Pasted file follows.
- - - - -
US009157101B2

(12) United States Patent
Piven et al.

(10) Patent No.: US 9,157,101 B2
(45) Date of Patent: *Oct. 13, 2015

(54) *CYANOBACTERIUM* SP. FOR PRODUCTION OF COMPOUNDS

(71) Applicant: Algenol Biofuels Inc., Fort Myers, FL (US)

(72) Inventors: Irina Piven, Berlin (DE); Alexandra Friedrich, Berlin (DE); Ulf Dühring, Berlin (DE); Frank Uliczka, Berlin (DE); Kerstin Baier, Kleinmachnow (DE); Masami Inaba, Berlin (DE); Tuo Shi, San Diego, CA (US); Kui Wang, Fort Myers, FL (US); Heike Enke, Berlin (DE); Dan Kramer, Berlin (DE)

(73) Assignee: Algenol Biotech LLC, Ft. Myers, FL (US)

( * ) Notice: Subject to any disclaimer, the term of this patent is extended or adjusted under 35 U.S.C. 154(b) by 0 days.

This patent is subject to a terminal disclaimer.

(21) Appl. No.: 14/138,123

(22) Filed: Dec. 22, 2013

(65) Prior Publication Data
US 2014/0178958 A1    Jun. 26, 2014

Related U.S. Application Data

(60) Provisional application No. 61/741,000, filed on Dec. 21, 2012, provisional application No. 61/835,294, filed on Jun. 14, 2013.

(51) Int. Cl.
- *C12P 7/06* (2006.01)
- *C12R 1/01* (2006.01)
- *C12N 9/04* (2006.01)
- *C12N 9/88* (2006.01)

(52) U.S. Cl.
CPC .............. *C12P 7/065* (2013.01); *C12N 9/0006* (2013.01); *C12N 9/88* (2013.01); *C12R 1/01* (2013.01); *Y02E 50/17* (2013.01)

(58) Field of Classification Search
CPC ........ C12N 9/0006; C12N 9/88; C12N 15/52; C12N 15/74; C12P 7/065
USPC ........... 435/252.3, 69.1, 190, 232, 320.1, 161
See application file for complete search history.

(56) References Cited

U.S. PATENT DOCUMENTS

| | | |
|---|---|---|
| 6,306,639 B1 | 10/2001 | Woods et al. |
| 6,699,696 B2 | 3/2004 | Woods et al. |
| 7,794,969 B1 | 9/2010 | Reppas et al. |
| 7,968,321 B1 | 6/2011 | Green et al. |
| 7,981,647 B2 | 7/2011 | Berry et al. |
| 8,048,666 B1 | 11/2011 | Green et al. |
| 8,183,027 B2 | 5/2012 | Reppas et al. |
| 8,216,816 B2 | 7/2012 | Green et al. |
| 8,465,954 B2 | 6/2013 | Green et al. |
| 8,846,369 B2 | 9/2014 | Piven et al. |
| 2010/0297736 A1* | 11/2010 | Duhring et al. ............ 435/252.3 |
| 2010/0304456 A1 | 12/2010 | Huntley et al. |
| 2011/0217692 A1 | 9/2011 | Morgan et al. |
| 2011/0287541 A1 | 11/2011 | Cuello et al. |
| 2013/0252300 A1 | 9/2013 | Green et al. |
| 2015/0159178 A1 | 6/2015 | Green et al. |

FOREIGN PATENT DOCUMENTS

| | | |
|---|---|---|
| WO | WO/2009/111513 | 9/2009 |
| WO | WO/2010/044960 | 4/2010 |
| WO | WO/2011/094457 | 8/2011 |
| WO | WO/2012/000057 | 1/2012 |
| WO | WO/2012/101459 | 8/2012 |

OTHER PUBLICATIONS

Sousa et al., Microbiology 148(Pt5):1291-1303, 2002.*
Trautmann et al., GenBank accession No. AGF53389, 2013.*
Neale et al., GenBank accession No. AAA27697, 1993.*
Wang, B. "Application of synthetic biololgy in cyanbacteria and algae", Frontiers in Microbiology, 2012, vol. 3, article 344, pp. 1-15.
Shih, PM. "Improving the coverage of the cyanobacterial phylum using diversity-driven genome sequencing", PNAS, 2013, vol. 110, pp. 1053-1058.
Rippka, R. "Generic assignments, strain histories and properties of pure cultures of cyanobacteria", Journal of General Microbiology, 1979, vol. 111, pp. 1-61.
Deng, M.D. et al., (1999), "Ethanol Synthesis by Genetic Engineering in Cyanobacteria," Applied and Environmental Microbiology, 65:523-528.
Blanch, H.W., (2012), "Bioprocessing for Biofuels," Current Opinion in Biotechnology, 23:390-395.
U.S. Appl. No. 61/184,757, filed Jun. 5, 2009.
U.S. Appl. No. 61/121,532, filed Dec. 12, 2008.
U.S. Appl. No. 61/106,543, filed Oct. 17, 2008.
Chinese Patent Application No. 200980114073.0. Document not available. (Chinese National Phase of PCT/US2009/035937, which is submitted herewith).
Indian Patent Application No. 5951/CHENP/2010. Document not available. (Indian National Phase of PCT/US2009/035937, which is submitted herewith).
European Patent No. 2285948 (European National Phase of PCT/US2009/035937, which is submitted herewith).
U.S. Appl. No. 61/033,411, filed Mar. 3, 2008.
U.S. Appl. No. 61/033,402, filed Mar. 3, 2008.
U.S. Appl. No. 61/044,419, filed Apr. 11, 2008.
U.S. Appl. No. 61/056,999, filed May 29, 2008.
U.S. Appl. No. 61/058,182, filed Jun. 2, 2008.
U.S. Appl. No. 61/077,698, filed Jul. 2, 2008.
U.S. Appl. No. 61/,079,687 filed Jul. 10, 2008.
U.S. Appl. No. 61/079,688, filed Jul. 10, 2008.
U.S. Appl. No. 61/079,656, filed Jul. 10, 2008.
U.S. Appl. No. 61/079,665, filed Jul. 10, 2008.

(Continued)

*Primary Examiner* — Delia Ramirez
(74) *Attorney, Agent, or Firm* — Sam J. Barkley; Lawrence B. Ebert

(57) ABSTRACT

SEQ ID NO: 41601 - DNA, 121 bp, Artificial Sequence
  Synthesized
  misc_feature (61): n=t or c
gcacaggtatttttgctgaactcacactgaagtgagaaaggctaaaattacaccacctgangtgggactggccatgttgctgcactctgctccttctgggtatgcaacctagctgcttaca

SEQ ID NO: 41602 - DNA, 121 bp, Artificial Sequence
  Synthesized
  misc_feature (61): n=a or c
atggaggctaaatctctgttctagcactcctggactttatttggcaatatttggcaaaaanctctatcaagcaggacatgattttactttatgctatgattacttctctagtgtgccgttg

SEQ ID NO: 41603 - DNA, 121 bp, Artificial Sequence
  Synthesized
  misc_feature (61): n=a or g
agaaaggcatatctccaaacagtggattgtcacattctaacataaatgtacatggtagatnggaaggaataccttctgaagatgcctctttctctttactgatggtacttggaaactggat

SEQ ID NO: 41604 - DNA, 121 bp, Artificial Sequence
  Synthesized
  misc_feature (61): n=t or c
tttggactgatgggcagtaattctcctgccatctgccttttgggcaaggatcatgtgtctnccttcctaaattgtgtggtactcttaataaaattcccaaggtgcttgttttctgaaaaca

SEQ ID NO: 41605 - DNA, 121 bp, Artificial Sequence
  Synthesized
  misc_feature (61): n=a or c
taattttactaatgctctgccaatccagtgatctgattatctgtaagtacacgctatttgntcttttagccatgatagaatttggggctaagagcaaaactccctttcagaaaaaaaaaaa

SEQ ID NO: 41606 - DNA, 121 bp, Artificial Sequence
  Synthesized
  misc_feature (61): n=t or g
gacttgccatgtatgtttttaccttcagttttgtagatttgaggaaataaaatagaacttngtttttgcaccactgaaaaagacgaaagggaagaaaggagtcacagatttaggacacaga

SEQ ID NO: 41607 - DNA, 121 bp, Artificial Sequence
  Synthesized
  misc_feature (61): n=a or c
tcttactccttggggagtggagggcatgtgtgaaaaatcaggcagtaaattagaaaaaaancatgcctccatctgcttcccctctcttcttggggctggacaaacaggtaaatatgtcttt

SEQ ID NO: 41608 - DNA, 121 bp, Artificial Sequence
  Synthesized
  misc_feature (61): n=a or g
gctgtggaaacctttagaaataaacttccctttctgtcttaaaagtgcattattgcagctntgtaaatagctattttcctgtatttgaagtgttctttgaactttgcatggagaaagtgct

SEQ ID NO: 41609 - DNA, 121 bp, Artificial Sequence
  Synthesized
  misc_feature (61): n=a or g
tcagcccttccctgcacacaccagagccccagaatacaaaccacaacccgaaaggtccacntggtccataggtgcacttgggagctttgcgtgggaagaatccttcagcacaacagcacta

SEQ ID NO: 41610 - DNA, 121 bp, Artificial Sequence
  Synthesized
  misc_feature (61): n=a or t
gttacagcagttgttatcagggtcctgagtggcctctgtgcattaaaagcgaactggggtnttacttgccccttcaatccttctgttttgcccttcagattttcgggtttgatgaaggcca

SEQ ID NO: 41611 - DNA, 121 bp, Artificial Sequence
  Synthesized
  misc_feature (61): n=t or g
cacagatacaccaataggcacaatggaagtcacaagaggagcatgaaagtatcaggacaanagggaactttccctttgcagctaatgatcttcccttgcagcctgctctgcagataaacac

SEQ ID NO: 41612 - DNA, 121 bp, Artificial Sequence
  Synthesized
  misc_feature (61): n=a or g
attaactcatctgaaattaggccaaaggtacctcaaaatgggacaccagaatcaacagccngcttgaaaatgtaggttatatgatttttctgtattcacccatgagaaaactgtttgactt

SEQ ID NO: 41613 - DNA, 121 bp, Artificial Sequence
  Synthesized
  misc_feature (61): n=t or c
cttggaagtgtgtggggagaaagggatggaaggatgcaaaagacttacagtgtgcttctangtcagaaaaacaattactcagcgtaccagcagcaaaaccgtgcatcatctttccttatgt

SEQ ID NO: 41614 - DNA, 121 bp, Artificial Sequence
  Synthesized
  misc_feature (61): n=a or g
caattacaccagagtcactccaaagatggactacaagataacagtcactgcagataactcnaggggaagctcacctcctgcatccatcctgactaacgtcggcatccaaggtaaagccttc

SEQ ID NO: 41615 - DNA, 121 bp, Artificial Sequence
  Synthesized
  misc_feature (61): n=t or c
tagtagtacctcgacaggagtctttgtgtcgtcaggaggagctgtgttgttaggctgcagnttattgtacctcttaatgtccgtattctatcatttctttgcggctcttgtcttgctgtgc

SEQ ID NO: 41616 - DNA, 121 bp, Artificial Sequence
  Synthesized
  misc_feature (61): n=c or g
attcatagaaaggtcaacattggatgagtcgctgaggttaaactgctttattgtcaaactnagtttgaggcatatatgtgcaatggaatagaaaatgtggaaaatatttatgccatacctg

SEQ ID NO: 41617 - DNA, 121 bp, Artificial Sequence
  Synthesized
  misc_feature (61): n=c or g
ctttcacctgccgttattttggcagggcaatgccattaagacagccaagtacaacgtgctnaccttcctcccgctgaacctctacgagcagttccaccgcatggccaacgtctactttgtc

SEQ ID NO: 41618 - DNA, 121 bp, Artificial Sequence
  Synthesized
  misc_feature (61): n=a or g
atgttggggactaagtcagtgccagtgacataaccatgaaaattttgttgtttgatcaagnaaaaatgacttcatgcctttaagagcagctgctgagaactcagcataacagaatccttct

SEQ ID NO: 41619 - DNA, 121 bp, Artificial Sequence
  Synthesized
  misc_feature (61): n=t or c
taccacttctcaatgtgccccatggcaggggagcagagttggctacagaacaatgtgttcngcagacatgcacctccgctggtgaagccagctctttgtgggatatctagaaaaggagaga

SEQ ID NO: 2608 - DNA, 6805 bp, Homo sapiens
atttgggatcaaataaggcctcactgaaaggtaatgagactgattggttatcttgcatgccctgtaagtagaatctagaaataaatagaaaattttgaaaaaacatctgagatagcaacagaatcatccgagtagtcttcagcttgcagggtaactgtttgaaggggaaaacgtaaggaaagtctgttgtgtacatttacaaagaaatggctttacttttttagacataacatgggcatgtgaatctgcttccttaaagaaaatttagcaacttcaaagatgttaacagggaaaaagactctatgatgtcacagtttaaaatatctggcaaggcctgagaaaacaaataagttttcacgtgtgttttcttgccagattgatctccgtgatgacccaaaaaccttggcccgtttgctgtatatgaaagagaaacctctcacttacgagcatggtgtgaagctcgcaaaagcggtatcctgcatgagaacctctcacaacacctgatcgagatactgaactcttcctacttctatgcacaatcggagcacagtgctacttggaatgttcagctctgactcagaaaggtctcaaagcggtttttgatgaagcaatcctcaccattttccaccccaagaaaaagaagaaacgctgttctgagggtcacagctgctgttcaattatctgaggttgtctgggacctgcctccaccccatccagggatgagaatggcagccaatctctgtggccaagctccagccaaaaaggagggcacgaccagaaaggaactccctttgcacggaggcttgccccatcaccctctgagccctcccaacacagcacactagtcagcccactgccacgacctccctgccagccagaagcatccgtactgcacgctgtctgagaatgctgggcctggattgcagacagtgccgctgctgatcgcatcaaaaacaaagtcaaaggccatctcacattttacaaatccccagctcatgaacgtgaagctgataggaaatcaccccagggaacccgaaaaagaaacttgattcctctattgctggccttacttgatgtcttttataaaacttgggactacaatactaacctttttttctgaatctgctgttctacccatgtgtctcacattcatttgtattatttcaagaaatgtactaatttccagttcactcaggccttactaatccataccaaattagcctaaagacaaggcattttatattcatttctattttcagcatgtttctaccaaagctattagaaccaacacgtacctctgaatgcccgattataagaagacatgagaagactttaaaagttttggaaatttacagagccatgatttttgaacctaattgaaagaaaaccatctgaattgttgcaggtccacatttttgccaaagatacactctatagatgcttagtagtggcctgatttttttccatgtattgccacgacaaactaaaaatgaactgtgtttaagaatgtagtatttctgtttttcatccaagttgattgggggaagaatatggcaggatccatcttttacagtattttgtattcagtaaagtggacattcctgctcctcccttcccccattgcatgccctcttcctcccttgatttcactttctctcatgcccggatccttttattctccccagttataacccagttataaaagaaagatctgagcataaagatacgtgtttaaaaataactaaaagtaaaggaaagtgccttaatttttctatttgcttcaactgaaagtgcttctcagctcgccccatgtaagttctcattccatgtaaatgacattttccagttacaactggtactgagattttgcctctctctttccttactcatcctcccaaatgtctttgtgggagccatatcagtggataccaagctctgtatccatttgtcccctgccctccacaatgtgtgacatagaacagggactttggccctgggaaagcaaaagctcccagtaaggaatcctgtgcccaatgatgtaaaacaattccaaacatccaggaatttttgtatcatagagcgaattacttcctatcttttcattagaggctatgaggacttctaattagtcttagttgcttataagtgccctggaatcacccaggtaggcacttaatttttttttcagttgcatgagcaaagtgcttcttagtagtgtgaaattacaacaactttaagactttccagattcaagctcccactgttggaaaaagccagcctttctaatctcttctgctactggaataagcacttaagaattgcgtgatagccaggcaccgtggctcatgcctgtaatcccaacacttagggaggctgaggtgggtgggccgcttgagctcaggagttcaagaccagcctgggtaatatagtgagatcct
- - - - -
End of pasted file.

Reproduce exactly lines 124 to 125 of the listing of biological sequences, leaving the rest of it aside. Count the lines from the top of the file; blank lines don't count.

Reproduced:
  misc_feature (61): n=a or t
gttacagcagttgttatcagggtcctgagtggcctctgtgcattaaaagcgaactggggtnttacttgccccttcaatccttctgttttgcccttcagattttcgggtttgatgaaggcca